So my No-Trump Vote is for all the grown kids of single mothers, in the hope that they come to value—before it’s too late—the person who more closely resembles our sacrificing moms than our dodgy deadbeat dads....more
Bronwen Dickey discusses Pit Bull: The Battle over an American Icon, her examination of one of the most feared dog breeds, how the media changes perceptions, and what Eliza Doolittle might have to say about this. ...more
If we want to talk about desire, a gnawing ache for something we don’t yet have, or for something we’ve lost, we can say that we yearn for the transformation that the satisfaction of our desire will bring....more
Allyson McCabe talks with Brendan Toller about his love of vinyl records, buying music in local stores, and his latest documentary film Danny Says, an examination of publicist and manager Danny Fields. ...more
Jay Z became the first rapper to be nominated to the Songwriters Hall of Fame this weekend, when he was named as a potential 2017 candidate alongside Madonna, Bryan Adams, George Michael, Gloria Estefan, Cat Stevens, Sylvester “Sly Stone” Stewart, Kenneth “Babyface” Edmonds, and Max Martin, Nigel Smith reports for the Guardian. That’s some serious competition in the pop hitmaker department, considering Max Martin alone has written 21 No.1 singles, but Jay Z’s chances aren’t too shabby given his insane output over a twenty-year career.
Some books take such a mammoth effort to produce that it’s hard to want to be critical of them. Rolling Blackouts is one of those books. The nearly 300 pages of delicately crafted, watercolored panels make evident that Sarah Glidden is a workhorse of a talent. The dialogue—which is mostly transcribed from conversations—is incredibly natural and nuanced; the story itself is smartly constructed; the art is gorgeous. Rolling Blackouts is indisputably a solid piece of comics journalism. And yet, given the current political anxieties of 2016, I struggled to feel that this intricate meditation on journalism is an important read for this exact moment. (more…)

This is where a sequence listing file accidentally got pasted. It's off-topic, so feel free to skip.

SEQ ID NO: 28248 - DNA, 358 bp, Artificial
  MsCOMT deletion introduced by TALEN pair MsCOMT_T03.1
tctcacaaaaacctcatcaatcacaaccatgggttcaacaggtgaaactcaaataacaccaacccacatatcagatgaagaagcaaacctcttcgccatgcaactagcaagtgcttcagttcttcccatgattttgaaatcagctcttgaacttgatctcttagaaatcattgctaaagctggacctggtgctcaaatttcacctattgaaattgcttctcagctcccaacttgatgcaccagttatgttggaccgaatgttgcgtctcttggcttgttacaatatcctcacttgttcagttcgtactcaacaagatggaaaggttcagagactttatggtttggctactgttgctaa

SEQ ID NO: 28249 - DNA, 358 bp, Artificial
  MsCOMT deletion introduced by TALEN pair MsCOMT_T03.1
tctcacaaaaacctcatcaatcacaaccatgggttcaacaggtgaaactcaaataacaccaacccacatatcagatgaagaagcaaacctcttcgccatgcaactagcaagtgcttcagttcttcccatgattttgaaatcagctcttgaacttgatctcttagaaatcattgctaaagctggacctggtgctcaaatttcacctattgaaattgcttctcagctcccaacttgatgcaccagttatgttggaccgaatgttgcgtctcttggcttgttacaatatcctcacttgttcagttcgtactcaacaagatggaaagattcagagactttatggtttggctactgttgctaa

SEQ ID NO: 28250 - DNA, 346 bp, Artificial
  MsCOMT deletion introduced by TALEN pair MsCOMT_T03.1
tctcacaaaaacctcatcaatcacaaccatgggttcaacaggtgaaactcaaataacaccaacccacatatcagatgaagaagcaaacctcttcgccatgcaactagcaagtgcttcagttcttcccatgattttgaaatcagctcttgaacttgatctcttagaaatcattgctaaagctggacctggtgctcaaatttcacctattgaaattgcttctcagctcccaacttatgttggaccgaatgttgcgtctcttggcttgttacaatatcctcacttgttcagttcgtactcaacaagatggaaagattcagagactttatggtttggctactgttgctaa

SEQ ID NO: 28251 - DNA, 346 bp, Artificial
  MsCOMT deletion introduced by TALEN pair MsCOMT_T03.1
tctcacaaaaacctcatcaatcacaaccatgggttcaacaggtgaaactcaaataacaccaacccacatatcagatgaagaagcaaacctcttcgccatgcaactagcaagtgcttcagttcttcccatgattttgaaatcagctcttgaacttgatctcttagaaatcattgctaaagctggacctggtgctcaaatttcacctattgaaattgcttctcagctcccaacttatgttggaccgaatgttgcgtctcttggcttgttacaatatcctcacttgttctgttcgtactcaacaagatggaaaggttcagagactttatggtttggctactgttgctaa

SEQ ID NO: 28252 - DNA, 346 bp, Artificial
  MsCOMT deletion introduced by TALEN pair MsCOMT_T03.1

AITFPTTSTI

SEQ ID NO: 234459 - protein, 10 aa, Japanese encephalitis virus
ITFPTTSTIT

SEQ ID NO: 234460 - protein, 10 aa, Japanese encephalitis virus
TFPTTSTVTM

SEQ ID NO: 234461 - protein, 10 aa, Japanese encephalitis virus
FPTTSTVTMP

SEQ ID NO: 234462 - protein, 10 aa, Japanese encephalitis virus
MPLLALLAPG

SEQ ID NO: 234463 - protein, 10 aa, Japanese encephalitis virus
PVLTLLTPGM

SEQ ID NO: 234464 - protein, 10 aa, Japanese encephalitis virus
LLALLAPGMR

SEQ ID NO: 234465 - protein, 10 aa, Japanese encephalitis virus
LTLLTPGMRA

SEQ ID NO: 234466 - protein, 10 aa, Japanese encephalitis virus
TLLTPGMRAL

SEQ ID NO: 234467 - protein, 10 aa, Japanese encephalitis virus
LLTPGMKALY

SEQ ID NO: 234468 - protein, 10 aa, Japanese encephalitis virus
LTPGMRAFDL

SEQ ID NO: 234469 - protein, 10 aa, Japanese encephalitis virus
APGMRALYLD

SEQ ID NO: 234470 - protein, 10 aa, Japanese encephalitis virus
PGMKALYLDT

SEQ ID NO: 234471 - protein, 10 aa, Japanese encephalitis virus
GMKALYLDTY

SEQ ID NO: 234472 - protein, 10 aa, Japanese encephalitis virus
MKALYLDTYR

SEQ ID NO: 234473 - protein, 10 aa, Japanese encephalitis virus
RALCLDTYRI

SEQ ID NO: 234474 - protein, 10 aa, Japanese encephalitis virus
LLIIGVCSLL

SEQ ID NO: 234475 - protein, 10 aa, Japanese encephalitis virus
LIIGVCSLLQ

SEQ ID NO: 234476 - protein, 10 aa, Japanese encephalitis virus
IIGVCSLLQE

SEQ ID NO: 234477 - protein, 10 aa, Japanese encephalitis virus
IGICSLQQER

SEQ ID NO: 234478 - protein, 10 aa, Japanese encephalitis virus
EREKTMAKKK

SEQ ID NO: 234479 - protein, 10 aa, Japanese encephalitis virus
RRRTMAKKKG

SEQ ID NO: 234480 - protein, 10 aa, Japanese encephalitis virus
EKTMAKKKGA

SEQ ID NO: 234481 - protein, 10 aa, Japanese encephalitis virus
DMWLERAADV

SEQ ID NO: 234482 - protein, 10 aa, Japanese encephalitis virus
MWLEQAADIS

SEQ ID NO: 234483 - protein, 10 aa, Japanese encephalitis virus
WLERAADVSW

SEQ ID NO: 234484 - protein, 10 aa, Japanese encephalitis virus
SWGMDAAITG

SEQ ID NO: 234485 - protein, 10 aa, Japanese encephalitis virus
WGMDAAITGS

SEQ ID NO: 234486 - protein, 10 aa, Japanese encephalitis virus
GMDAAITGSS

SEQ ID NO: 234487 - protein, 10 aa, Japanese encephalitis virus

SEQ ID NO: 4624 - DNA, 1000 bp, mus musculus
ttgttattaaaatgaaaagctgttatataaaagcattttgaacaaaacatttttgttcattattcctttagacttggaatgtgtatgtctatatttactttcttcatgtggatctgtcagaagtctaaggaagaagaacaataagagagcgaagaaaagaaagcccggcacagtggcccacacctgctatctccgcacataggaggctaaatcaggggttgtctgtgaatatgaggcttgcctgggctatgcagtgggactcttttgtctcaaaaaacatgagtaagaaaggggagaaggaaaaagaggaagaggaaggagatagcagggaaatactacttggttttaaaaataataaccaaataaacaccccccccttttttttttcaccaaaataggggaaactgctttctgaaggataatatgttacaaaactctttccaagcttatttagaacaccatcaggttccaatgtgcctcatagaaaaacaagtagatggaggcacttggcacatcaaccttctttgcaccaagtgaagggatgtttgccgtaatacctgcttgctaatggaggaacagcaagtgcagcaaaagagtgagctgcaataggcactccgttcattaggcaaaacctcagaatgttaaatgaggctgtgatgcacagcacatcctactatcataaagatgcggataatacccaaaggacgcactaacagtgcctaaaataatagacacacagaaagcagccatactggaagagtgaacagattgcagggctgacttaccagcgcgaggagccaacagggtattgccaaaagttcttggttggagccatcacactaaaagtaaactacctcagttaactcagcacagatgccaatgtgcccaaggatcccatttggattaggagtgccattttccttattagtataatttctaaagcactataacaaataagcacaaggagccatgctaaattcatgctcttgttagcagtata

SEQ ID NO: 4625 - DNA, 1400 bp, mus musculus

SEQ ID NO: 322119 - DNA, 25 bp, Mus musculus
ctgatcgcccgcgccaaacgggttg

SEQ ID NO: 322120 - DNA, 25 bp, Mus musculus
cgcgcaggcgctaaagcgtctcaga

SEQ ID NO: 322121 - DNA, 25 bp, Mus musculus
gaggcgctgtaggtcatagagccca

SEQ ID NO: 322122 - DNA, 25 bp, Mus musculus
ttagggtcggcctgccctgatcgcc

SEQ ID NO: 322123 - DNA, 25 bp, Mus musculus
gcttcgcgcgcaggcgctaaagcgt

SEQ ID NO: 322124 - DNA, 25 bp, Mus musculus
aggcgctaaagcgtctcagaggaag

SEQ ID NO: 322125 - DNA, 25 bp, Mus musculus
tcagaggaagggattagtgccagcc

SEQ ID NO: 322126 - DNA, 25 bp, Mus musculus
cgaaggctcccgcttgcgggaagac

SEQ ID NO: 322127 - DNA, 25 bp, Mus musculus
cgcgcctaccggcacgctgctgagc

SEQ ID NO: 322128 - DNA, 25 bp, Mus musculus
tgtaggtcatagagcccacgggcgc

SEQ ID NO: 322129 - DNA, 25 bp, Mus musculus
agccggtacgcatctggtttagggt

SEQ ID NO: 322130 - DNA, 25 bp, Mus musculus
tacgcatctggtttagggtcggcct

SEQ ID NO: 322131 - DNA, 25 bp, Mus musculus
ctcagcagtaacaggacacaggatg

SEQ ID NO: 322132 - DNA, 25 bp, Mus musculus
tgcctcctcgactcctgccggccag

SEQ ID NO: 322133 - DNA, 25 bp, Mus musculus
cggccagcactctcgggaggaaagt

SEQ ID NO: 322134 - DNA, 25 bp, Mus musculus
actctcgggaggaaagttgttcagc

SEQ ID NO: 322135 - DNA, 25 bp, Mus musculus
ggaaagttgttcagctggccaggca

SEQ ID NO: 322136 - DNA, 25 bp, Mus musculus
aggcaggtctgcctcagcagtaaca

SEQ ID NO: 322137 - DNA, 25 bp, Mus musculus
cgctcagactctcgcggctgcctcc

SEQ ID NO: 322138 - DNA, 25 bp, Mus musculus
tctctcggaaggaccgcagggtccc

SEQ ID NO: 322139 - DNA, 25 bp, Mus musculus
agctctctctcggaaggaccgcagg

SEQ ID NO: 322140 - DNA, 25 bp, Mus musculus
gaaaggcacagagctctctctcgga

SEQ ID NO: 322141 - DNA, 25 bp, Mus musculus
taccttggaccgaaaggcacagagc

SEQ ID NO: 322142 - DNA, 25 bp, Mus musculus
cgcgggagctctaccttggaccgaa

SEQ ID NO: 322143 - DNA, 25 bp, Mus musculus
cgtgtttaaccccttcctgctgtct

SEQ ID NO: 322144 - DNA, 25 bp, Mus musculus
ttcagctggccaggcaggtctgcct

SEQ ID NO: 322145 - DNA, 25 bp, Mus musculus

She went on to become a Siberian housewife. He went on to call for the executions of ten million Russians. But she thought back on their evenings drinking and dancing. He sang songs to her in his sweet, high voice.
Behind every dictator is a woman who sees something redeemable in him. For n+1, Shawn Wen briefly explores the lives of eight different women who crossed paths with notorious men. Not surprisingly, loving a man capable of terrible things frequently doesn’t end well for the women. But sometimes, life just goes on.
We’re getting ready to send out our next Letter in the Mail, and it’s from Idra Novey! Idra writes to us in Penn Station, where she’s waiting for an Amtrak train to Philadelphia for a reading, about all the baffling revelations a day of public transportation provides.
While I was in residential treatment, my Scrabble games with my mom slowed down. We both lingered over our turns, taking longer than usual to make the next move. Normally I rush to play my turn, keeping the tab open on my screen and the notification email in my inbox to rile up my OCD and force me into action. But when I was undergoing treatment, I didn’t want to engage with my mother; I wanted her to know how furious I was with her.